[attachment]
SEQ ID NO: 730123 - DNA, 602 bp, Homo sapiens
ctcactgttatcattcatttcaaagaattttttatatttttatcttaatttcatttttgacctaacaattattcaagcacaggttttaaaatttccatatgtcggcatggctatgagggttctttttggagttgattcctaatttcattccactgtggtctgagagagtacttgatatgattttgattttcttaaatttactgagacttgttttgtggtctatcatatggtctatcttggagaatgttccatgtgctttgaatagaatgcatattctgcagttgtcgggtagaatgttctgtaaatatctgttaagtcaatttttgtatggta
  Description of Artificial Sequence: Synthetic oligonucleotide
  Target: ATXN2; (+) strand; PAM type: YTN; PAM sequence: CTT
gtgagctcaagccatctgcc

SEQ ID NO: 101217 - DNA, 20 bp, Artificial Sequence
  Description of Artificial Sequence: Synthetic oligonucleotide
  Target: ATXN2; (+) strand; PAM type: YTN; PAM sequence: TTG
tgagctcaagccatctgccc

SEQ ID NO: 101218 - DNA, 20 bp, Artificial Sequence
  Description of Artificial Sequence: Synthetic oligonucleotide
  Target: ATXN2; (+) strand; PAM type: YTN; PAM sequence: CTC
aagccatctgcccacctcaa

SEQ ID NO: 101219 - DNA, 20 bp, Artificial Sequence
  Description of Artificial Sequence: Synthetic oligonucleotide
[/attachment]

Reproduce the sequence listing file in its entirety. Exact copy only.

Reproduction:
SEQ ID NO: 730123 - DNA, 602 bp, Homo sapiens
ctcactgttatcattcatttcaaagaattttttatatttttatcttaatttcatttttgacctaacaattattcaagcacaggttttaaaatttccatatgtcggcatggctatgagggttctttttggagttgattcctaatttcattccactgtggtctgagagagtacttgatatgattttgattttcttaaatttactgagacttgttttgtggtctatcatatggtctatcttggagaatgttccatgtgctttgaatagaatgcatattctgcagttgtcgggtagaatgttctgtaaatatctgttaagtcaatttttgtatggta
  Description of Artificial Sequence: Synthetic oligonucleotide
  Target: ATXN2; (+) strand; PAM type: YTN; PAM sequence: CTT
gtgagctcaagccatctgcc

SEQ ID NO: 101217 - DNA, 20 bp, Artificial Sequence
  Description of Artificial Sequence: Synthetic oligonucleotide
  Target: ATXN2; (+) strand; PAM type: YTN; PAM sequence: TTG
tgagctcaagccatctgccc

SEQ ID NO: 101218 - DNA, 20 bp, Artificial Sequence
  Description of Artificial Sequence: Synthetic oligonucleotide
  Target: ATXN2; (+) strand; PAM type: YTN; PAM sequence: CTC
aagccatctgcccacctcaa

SEQ ID NO: 101219 - DNA, 20 bp, Artificial Sequence
  Description of Artificial Sequence: Synthetic oligonucleotide